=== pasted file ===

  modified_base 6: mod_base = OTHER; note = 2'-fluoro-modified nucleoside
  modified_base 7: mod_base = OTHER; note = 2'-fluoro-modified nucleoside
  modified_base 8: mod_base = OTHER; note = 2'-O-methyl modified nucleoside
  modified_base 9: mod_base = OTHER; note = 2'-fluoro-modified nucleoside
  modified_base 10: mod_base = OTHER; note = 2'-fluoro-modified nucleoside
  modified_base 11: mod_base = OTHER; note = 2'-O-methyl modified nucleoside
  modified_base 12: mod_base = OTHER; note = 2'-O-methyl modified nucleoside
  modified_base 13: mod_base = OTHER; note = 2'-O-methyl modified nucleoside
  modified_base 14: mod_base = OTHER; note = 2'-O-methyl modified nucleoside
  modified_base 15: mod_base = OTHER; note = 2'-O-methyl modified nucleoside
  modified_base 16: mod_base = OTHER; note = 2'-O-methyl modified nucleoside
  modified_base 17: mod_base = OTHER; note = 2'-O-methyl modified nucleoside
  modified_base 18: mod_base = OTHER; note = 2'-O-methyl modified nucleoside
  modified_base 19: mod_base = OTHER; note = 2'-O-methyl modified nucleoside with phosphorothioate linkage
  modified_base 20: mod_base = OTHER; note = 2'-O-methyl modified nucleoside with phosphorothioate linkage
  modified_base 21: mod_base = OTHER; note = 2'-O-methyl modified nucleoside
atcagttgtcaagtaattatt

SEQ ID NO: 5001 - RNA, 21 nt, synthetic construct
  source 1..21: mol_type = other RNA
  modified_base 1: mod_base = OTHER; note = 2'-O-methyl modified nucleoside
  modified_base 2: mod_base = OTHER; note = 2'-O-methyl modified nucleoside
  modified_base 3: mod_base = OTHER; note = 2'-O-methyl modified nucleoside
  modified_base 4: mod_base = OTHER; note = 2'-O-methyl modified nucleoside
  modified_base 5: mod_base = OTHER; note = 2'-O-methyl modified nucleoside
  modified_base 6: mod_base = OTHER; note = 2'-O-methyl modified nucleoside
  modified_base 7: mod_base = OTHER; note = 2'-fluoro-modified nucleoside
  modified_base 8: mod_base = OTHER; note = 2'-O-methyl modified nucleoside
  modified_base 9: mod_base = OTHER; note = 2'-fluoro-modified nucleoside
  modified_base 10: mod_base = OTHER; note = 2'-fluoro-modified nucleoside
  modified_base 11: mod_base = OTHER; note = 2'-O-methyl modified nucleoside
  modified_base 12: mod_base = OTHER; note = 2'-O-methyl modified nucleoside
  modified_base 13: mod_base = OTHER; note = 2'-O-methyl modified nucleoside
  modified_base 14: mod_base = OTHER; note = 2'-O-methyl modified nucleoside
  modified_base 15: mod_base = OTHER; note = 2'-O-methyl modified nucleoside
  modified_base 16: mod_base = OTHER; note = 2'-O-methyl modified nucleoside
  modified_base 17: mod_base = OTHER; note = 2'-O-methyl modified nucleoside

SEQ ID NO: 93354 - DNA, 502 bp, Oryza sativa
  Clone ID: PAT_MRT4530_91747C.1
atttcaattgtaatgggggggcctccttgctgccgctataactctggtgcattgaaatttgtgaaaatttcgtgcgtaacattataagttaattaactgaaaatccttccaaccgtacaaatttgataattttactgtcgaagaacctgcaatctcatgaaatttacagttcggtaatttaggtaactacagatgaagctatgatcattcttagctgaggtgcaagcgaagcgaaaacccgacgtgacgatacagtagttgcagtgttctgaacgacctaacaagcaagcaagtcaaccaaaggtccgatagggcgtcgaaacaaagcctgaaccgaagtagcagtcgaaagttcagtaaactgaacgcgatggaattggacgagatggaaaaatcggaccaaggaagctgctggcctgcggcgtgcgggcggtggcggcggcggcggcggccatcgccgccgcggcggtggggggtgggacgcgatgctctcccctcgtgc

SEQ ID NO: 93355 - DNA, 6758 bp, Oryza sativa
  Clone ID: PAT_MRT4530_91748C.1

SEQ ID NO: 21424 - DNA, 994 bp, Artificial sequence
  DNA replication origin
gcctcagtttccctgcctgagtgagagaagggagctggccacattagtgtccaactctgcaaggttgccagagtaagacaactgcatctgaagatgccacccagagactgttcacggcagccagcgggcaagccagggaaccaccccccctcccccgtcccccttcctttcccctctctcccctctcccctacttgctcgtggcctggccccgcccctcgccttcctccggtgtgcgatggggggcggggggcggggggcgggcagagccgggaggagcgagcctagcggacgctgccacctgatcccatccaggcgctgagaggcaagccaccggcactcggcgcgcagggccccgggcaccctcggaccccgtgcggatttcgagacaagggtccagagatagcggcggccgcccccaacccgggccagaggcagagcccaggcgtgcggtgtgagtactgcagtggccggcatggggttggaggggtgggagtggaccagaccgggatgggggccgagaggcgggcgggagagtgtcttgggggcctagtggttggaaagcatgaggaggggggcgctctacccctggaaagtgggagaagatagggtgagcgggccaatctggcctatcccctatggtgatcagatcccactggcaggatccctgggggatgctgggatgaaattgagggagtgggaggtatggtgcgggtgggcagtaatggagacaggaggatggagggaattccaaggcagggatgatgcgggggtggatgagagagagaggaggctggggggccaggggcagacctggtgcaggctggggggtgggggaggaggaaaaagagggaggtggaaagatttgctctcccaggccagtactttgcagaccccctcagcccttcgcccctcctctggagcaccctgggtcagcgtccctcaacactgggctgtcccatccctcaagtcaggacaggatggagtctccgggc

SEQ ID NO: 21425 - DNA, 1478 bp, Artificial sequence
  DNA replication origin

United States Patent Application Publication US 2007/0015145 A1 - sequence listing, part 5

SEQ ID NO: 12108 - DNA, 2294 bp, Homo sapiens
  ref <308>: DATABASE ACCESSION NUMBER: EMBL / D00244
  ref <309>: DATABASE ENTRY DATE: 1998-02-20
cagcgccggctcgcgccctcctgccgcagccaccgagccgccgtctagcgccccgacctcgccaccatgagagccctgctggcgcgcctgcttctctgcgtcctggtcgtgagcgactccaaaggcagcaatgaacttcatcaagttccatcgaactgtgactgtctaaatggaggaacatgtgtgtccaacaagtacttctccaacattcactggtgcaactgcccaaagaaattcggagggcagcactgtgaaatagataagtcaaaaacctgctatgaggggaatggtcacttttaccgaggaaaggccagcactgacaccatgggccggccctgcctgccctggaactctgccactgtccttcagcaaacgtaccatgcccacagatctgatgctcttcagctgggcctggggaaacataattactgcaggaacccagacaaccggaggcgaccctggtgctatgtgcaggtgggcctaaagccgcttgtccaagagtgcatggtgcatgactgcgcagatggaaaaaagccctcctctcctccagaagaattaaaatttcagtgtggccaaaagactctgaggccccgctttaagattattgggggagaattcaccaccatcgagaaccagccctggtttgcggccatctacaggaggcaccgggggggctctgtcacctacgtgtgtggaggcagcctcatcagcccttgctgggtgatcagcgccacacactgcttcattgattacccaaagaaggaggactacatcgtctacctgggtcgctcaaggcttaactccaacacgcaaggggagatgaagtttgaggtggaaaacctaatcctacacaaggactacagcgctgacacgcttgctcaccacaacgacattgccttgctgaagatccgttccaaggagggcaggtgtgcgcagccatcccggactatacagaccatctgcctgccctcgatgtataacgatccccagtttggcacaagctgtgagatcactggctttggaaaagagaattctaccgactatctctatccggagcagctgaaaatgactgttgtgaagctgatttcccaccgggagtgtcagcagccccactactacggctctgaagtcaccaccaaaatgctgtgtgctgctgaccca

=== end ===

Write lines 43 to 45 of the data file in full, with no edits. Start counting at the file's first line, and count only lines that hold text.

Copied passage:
  DNA replication origin
gcctcagtttccctgcctgagtgagagaagggagctggccacattagtgtccaactctgcaaggttgccagagtaagacaactgcatctgaagatgccacccagagactgttcacggcagccagcgggcaagccagggaaccaccccccctcccccgtcccccttcctttcccctctctcccctctcccctacttgctcgtggcctggccccgcccctcgccttcctccggtgtgcgatggggggcggggggcggggggcgggcagagccgggaggagcgagcctagcggacgctgccacctgatcccatccaggcgctgagaggcaagccaccggcactcggcgcgcagggccccgggcaccctcggaccccgtgcggatttcgagacaagggtccagagatagcggcggccgcccccaacccgggccagaggcagagcccaggcgtgcggtgtgagtactgcagtggccggcatggggttggaggggtgggagtggaccagaccgggatgggggccgagaggcgggcgggagagtgtcttgggggcctagtggttggaaagcatgaggaggggggcgctctacccctggaaagtgggagaagatagggtgagcgggccaatctggcctatcccctatggtgatcagatcccactggcaggatccctgggggatgctgggatgaaattgagggagtgggaggtatggtgcgggtgggcagtaatggagacaggaggatggagggaattccaaggcagggatgatgcgggggtggatgagagagagaggaggctggggggccaggggcagacctggtgcaggctggggggtgggggaggaggaaaaagagggaggtggaaagatttgctctcccaggccagtactttgcagaccccctcagcccttcgcccctcctctggagcaccctgggtcagcgtccctcaacactgggctgtcccatccctcaagtcaggacaggatggagtctccgggc

SEQ ID NO: 21425 - DNA, 1478 bp, Artificial sequence